You sing songs as a kid and often have NO idea what the words mean. Famously for me, I thought the Steve Miller Band's "Big Old Jet Airliner" was "Bingo Jed Had a Light On" for YEARS. What exactly did "Bingo Jed Had a Light On" mean, in my estimation? I had no idea. But then, what the hell is a pompatus of love?
The problem isn't always in misunderstanding the lyric. Sometimes you just have no clue as to what the words mentioned in songs are. Vocabulary changes over time. Christmas songs are especially bad. "Here we go a'wassailing..." Huh? Wassailing? Frankincense? Myrrh? Virgin? Figgy Pudding?
But that's what we're here for today - figgy pudding. What you are looking at is the tail end of a genuine figgy pudding. I've always thought of puddings as the creamy panna cotta type stuff you get in snack packs with ring topped lids (yes, I AM a child of the Seventies, why do you ask?), but the English - most of the Brits, actually - mean something entirely different, and much more like a cake.
I stole this recipe from Whitington.com. I've changed the directions a little to reflect my experiences, but the process and the ingredient list comes from that site.
The figgy pudding itself is great if a little strange to modern tastebuds. If you like Fig Newtons, you love this. If you like Christmas flavors and smells, you'll like this. Heck, if you like wassailing, you'll like this recipe.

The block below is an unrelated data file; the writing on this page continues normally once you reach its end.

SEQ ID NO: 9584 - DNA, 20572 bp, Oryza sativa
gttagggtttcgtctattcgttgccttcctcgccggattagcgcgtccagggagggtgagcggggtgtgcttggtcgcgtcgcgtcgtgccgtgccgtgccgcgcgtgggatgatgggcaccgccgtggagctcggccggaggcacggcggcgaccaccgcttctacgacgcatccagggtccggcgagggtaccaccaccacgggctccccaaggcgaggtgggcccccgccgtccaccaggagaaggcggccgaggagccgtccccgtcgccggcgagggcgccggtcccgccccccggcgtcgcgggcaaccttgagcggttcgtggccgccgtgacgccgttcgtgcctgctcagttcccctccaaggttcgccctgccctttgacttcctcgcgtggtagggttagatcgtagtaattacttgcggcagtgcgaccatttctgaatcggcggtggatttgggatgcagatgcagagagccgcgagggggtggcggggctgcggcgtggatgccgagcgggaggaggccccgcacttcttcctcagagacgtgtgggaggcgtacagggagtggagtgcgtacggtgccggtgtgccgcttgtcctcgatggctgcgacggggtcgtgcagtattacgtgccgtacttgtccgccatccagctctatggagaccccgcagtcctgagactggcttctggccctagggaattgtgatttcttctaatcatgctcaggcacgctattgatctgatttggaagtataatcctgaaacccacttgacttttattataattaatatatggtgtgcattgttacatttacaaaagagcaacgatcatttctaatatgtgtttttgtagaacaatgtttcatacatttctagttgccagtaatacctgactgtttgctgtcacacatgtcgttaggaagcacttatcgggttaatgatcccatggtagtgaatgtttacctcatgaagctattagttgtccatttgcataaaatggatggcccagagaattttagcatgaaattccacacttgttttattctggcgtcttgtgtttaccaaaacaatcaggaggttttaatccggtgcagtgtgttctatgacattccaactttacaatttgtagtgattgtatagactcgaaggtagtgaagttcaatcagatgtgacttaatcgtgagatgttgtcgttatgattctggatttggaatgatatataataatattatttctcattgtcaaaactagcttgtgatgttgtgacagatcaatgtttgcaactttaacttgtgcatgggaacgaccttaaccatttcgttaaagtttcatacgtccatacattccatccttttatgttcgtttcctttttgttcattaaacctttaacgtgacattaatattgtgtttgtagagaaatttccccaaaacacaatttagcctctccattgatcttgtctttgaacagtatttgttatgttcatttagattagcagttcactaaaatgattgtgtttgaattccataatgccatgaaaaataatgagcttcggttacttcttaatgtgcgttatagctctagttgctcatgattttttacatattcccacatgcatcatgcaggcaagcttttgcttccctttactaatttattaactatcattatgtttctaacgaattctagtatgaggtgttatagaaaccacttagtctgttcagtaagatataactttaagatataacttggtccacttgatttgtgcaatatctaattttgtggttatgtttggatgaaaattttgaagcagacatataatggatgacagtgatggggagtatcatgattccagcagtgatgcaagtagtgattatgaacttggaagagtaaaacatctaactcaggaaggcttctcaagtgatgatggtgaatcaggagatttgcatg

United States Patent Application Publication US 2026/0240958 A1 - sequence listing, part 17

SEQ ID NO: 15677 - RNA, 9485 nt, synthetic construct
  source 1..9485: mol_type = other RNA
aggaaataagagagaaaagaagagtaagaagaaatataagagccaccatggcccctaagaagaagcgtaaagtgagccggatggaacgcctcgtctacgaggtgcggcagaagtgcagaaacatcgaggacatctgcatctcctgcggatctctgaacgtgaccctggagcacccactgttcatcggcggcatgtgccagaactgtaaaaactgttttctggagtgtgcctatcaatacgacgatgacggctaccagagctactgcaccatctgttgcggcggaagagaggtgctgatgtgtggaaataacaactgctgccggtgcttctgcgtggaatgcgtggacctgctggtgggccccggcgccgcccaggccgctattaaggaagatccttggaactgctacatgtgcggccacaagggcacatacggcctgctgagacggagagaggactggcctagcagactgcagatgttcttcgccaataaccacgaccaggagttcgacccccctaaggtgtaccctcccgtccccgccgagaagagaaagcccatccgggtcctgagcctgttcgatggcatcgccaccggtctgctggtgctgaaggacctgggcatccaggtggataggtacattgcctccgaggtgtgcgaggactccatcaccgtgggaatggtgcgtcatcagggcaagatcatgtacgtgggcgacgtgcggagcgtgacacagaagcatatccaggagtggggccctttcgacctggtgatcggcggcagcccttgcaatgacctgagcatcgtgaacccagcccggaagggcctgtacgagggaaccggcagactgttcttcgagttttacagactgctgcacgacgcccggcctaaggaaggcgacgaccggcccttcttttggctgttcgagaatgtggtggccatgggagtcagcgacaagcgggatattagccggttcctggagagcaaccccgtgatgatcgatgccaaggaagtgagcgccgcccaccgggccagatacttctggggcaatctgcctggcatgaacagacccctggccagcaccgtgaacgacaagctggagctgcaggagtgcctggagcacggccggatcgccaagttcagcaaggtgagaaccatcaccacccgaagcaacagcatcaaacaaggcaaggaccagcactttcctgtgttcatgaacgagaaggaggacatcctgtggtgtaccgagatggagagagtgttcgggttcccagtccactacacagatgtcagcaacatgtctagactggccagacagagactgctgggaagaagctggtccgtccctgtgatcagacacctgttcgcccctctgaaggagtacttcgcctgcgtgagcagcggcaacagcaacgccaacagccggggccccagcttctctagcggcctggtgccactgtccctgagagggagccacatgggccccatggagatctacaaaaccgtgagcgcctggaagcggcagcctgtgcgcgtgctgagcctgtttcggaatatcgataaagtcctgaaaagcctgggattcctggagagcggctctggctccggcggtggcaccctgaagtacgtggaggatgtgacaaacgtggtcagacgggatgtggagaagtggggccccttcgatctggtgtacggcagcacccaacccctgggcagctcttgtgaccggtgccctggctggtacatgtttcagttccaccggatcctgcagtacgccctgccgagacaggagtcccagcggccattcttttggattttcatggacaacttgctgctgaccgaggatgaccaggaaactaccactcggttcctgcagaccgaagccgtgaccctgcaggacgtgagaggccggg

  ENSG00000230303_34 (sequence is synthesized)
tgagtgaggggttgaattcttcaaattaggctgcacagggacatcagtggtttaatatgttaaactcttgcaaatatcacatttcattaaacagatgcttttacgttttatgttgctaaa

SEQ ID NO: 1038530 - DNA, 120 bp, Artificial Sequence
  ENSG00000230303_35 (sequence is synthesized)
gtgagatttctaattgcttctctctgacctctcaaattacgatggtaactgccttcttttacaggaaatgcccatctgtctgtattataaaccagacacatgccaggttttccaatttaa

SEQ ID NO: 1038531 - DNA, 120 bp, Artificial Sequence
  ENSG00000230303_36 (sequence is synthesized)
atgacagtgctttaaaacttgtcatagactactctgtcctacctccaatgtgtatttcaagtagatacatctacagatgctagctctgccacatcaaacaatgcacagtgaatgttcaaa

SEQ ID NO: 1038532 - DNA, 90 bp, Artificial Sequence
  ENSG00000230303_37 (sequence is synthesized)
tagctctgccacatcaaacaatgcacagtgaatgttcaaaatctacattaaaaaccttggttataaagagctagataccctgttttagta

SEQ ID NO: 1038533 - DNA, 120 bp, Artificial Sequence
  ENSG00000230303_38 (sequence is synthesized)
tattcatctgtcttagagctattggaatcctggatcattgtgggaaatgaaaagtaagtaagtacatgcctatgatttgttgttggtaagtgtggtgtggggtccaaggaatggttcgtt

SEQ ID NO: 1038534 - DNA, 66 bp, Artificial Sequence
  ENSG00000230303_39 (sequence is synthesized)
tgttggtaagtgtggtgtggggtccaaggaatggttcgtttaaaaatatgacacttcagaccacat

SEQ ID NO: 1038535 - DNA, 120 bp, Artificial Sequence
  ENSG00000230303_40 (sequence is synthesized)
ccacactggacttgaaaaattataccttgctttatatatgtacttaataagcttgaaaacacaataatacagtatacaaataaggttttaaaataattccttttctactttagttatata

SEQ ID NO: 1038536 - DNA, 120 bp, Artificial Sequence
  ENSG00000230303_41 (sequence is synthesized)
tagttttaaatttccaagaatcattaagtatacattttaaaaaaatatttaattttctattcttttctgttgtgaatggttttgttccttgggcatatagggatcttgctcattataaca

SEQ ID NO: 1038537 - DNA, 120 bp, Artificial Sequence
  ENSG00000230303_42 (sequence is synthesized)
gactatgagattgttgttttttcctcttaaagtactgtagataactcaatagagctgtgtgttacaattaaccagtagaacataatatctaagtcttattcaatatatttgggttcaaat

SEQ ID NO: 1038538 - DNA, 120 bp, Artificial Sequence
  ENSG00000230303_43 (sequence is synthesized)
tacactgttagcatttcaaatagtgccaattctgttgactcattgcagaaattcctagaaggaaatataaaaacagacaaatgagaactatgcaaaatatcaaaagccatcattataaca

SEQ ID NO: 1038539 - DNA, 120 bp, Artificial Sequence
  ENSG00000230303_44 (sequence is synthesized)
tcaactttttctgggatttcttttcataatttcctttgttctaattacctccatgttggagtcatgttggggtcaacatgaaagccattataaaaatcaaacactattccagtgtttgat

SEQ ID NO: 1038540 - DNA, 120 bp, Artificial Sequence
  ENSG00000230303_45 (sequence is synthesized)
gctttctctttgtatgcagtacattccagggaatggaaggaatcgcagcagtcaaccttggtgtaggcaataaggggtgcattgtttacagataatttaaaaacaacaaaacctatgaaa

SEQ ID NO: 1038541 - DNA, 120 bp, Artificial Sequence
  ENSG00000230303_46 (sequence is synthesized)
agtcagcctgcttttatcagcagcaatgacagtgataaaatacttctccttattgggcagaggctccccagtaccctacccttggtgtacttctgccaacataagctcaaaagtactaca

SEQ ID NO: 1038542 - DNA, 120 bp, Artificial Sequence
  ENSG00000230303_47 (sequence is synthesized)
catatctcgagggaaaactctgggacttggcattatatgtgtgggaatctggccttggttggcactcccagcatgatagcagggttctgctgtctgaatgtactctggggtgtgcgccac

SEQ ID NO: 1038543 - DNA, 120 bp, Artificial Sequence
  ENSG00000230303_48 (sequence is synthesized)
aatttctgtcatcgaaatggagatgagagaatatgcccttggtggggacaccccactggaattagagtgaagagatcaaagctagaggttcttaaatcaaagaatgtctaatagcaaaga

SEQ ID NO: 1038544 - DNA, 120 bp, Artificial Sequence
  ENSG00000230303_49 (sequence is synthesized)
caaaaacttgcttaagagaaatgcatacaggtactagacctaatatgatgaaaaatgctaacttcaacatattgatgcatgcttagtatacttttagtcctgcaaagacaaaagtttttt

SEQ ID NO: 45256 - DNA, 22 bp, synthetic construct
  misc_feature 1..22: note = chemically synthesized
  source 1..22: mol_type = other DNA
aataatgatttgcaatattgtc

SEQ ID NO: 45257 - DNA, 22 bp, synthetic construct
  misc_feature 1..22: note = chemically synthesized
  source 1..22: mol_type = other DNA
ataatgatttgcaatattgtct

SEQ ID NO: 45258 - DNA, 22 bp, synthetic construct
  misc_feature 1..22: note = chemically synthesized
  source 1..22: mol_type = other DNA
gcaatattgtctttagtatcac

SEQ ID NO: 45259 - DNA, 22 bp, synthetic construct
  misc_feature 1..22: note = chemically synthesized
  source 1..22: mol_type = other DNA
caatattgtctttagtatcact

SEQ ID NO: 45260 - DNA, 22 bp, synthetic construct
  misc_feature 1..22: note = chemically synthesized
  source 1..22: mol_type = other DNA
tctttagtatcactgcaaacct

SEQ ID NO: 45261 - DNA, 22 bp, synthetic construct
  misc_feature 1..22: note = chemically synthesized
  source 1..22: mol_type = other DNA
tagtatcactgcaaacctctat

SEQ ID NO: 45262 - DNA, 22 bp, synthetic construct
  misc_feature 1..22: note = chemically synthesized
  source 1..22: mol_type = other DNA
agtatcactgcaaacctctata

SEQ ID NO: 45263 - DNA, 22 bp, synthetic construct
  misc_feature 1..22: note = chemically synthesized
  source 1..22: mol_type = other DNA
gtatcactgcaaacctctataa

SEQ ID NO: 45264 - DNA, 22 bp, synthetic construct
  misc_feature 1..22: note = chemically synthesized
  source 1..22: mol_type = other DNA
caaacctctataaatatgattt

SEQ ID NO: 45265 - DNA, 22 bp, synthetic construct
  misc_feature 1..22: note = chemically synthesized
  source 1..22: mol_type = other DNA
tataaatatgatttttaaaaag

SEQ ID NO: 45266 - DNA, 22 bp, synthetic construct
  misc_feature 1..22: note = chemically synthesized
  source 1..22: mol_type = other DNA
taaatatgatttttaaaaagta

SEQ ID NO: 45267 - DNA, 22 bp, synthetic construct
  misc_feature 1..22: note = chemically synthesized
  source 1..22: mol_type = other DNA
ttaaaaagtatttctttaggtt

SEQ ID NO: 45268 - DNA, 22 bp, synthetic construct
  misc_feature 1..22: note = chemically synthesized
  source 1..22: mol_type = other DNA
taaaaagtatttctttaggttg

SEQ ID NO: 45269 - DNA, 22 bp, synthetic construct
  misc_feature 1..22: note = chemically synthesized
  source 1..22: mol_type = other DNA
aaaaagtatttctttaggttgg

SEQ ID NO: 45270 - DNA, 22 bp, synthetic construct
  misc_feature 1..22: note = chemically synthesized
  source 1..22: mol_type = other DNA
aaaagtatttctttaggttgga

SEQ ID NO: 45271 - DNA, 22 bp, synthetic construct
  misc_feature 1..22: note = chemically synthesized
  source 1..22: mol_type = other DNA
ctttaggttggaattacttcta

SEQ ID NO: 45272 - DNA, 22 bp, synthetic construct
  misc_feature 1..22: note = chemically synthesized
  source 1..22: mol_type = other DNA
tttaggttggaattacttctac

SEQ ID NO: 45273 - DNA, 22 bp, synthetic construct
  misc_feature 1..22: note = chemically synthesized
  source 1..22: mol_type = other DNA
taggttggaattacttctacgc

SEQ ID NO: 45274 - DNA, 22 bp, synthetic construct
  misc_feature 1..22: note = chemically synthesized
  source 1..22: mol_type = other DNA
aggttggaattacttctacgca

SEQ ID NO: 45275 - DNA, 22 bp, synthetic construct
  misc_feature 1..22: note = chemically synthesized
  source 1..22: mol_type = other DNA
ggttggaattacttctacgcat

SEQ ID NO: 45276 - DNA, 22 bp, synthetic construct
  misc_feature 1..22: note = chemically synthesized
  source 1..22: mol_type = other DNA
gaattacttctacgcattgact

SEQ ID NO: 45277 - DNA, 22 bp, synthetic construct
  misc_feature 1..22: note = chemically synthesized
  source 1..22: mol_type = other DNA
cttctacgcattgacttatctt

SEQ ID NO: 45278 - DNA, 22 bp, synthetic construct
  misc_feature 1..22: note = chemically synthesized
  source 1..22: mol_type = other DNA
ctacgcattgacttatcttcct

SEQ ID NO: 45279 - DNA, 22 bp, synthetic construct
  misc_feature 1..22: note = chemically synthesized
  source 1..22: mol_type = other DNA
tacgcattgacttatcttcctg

16 oz. dried Calimyrna figs (the light brown ones, not the black ones)
1 3/4 cup whole milk
1 1/2 cup AP flour
1 cup sugar
2 1/2 tsp baking powder
1 tsp ground nutmeg
1 tsp ground cinnamon
1 tsp salt
1/2 cup (1 stick) melted butter
1 1/2 cups bread crumbs
1 tablespoon grated orange peel
1 1/2 cup confectioner's (powdered) sugar
1/2 cup butter (1 stick) softened
2 tablespoons brandy
1/2 teaspoon vanilla extract
Preheat oven to 350 F.
Grease a 2 1/12 quart bundt pan with spray or butter.
Cut stems from figs and discard. Cut figs into 1/4" dice
In a a medium saucepan, heat milk and figs over medium-low heat but do NOT bring to a boil. Cook for 10-15 minutes stirring occasionally. The figs will perfume the milk and the milk will soften the figs.
The mixture may look curdled, but don't worry.
In a medium bowl (not your mixer's bowl, we'll use that next), mix flour, sugar, baking powder, nutmeg, cinnamon, and salt.
In your mixers bowl, beat eggs one minute on high. Reduce speed to low and add butter, bread crumbs, orange peel, and warm fig mixture.
Slowly incorporate flour mixture. Beat until just blended.
Pour/spoon the mix into the greased bundt pan. If using an intricate mold/pan, push mix deep into all crevices so it will take the shape when baked. Level top as much as possible. Giving the pan a half twist back and forth will sometimes help the mix find a nice level surface.
Cover the mold with a piece of aluminum foil greased on one side, greased side down.
Place the mold in a roasting pan and place on oven rack. fIll with hot tap water 2 inches up the side of the mold.
Bake for 2 hours or until the pudding is firm and it is pulling away from the side of the bundt pan.
Now, make the sauce. With a mixer, mix all the sauce ingredients together until creamy.
Remove the pudding from the water bath. Remove the foil and cool on a wire rack for 10 minutes before unmolding. Invert bundt pan onto a serving plate/cake stand and remove mold. It should come away easily.
Serve warm with sauce. The sauce is more like frosting at room temperature, but if you heat it a bit, it will melt. I liked it more frosting-like.
If your friends make this treat when you visit - don't go until you get some. Don't go until you get some. Don't go until you get some, then bring it right here.